In our collective anxiety about being overwhelmed by error-ridden sentences, many of us have neglected a crucial aspect of writing: style. For literature-types (hey fella, that's me you're talking about!), a writer's style can be as distinctive as a fingerprint and might be the main attraction. When we talk about style in student writing we are usually talking about something different, something more like clarity and a certain amount of grace.
Writing teachers will recognize those two terms as the subtitle of one of the best books on teaching style, Joseph Williams' Style: Ten Lessons in Clarity and Grace. Williams and others have redefined the discussion of style, moving it away from what we might call the "writerly" style of literary texts and towards what we might call the "readerly" style of primarily communicative texts (with due apologies to Barthes).
As the name implies, a readerly text is one that is more attuned to the needs of the reader. If the writer's primary purpose is communication, then the primary requirement of the expression is that it be clear. The role of the teacher is to expect clarity. If a writer is not clear, the reader (or an instructor acting like a reader) should notify.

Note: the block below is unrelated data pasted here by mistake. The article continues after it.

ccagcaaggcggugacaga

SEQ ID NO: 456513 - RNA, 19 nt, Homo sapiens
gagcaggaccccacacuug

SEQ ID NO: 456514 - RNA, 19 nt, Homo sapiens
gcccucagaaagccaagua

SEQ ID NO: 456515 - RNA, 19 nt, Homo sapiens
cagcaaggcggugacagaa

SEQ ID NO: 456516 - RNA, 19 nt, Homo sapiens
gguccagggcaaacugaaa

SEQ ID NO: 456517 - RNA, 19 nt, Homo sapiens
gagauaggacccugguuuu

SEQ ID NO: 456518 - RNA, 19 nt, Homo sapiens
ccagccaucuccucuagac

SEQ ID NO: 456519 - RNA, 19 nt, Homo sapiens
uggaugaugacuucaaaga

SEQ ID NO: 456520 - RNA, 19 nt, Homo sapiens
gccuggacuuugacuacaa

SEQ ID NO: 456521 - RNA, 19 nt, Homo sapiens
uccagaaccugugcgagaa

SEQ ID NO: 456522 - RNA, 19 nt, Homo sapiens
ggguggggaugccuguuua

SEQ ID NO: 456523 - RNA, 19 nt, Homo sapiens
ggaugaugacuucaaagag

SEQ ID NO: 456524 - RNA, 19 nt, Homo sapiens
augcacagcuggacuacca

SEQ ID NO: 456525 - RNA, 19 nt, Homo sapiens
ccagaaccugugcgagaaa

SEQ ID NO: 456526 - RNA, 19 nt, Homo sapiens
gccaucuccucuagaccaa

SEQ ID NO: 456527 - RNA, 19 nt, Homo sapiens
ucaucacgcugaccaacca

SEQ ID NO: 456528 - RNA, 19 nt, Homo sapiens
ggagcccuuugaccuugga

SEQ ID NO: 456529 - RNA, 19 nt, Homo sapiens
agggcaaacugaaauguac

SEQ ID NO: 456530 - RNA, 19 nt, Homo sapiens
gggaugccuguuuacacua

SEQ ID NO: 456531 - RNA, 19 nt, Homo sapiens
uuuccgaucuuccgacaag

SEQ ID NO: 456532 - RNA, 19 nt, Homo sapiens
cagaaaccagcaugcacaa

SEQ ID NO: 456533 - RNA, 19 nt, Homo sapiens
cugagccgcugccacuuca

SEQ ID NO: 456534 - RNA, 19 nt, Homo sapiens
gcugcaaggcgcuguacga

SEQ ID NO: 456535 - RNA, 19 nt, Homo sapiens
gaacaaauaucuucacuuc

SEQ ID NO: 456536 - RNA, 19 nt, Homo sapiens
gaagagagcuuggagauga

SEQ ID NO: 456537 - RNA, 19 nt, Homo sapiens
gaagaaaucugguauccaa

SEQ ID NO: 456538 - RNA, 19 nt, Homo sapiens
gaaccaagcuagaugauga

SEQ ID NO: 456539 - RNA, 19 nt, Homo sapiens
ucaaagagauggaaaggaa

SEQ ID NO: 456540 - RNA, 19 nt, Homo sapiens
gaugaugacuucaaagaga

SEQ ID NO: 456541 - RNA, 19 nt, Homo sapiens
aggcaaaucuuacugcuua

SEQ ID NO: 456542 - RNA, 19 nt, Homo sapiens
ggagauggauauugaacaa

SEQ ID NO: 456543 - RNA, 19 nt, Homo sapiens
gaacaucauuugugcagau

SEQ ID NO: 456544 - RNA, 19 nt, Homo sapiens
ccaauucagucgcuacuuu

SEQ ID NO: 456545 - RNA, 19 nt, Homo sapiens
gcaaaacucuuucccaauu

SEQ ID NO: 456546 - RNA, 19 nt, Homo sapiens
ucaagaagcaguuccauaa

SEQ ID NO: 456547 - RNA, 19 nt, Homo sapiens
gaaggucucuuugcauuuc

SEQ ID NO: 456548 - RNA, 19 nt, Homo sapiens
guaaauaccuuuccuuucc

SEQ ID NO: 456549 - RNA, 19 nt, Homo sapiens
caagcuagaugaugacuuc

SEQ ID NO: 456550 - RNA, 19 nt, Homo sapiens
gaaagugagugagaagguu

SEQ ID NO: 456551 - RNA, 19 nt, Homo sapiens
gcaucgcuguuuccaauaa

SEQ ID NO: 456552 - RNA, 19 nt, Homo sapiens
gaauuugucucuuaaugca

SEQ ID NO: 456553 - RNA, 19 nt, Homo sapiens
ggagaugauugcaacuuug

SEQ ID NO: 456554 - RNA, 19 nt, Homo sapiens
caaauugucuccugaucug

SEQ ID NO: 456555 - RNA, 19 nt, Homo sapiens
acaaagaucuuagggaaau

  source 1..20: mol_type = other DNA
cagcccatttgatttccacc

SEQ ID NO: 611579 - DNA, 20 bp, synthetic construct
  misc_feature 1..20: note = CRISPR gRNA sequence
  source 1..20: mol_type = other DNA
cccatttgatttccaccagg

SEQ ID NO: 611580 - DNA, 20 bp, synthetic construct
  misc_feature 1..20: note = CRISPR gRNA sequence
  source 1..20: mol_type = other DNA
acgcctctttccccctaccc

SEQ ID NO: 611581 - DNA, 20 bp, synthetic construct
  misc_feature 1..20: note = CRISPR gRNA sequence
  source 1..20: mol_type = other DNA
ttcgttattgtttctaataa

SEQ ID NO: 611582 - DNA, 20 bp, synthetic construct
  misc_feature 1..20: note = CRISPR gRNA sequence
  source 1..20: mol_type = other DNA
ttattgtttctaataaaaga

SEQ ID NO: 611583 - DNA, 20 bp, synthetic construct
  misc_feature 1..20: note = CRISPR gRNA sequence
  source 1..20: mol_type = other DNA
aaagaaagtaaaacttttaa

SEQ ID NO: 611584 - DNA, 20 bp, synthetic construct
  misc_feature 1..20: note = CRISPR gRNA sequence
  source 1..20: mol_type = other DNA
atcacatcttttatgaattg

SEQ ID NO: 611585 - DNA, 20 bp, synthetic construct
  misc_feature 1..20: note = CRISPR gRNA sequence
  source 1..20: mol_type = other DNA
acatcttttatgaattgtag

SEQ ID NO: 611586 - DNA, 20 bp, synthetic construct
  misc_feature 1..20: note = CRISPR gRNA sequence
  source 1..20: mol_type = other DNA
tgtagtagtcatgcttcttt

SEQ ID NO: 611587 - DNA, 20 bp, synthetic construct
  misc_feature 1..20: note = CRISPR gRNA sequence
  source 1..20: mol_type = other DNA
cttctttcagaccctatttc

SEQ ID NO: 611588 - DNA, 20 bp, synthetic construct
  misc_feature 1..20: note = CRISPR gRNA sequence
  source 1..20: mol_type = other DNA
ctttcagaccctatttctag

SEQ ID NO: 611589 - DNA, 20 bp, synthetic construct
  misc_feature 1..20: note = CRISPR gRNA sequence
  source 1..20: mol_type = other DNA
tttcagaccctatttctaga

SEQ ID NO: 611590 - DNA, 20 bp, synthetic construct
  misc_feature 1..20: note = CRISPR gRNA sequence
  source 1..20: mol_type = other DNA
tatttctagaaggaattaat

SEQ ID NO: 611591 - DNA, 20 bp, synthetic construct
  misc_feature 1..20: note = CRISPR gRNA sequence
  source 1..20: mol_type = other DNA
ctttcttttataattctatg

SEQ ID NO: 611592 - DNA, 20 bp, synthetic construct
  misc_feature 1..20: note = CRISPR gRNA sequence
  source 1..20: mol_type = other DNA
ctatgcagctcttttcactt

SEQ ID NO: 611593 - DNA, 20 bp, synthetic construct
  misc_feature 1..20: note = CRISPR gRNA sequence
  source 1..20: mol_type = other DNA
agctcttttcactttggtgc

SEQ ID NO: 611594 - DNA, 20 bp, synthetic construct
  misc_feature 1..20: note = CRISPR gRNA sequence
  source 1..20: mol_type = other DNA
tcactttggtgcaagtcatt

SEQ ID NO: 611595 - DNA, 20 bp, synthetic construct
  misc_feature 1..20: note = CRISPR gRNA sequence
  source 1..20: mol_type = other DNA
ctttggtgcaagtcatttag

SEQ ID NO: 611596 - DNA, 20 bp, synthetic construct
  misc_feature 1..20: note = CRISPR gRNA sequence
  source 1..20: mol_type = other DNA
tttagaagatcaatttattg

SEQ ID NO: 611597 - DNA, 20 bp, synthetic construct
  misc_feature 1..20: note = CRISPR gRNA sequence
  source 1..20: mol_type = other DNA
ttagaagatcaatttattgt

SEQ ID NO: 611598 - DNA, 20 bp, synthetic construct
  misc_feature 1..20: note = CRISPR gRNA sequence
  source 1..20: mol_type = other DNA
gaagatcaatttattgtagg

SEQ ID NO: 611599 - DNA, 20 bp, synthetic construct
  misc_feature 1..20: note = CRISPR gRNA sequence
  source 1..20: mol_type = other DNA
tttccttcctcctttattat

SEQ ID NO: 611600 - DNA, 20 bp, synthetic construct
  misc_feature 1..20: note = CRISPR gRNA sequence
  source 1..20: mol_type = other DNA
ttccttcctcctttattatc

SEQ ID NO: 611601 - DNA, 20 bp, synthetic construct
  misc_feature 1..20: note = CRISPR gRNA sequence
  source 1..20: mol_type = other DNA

Some Sources of Unclear Writing
Besides asking for clarity, expecting clarity, and signaling our disapproval when we don't get it, we can help students identify the sources of unclear writing. Here's a short list:
Some Style Advice
What can students do about problems with style? Here's some advice:
Our instructional materials page (click here) includes handouts on Williams' Style. Except in composition classes, most instructors do not have time to teach style (nor should they). They can, however, insist on clear writing, and identify places in the student's writing that are unclear. Help is available in fine style guides such as Williams' and from places like the University Writing Center.
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